Step 1. Based on Equation 14, update the level set function by ϕ n+1/2=ϕ n +Δ t 1·L(ϕ n ).
Step 2. Compute ϕ n+1=ϕ n+1/2+Δ t 2·Δ ϕ n+1/2+Δ t 3·(ϕ n+1/2−ϕ n ).
In this two steps, Δ t 1 is the time step of step 1. Δ t 2 and Δ t 3 represent the two time steps of step 2. In step 1, we obtain ϕ n+1/2 and then utilize it in step 2, where Δ ϕ n+1/2 represents the Laplacian operator that acts on the level set function. The third term of step 2 is a new restraint term to avoid updating the level set function seriously.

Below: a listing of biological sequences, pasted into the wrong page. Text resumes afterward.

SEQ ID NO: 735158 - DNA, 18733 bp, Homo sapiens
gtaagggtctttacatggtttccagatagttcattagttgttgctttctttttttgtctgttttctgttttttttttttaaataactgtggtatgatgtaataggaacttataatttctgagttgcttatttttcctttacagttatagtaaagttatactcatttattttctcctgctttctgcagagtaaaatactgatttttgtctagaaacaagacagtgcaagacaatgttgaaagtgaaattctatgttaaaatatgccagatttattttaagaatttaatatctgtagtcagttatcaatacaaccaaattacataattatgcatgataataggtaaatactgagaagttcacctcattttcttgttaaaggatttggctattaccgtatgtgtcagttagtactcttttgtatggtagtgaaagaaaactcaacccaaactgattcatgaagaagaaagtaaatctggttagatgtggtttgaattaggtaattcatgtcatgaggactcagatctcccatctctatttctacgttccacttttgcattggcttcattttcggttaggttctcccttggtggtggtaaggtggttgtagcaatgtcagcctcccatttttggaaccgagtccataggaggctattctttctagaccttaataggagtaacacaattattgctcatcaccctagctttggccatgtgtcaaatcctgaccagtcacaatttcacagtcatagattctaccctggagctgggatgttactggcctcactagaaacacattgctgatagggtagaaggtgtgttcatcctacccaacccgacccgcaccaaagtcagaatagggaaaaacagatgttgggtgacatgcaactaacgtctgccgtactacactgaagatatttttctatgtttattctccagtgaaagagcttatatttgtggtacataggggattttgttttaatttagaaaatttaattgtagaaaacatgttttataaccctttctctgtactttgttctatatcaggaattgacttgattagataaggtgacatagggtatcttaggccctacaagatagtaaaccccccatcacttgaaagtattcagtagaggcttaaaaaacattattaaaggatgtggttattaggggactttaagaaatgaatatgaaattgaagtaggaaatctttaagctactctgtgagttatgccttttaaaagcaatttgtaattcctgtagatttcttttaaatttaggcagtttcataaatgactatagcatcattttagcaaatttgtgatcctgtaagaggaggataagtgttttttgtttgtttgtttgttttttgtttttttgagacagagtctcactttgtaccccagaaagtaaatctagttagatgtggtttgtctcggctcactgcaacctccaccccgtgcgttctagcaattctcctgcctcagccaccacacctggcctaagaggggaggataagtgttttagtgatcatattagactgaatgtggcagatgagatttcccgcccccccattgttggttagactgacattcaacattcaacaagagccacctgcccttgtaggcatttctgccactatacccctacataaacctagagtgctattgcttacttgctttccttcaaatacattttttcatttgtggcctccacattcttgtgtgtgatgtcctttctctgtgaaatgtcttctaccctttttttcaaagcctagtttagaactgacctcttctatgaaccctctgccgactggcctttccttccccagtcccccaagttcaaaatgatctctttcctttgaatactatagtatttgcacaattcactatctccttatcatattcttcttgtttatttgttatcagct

The purpose of this operator splitting method is significant. Owing to the execution of step 1, the contour evolves toward the object boundaries. After that, as a smoothing way, step 2 is extremely important as well for it eliminates the costly re-initialization procedure and avoids updating the level set function severely. As indicated in [27, 38], the evolution of a function with its Laplacian is equivalent to a Gaussian filtering process to regularize the level set function. Thus, step 2 plays a natural role for smoothing the level set function and maintaining its stability. Actually, as a following procedure of step 1, step 2 can be influenced by step 1 at the same time. If the level set function is too steep, it needs to properly increase Δ t 2 so as to smooth more. On the other hand, step 2 has a direct impact on step 1. It is just the mutual cooperation of these two steps that promotes the steady evolution of the level set function and reduces the computational complexity. More significantly, this operator splitting method can be easily extended to other related level set methods based on partial differential equations.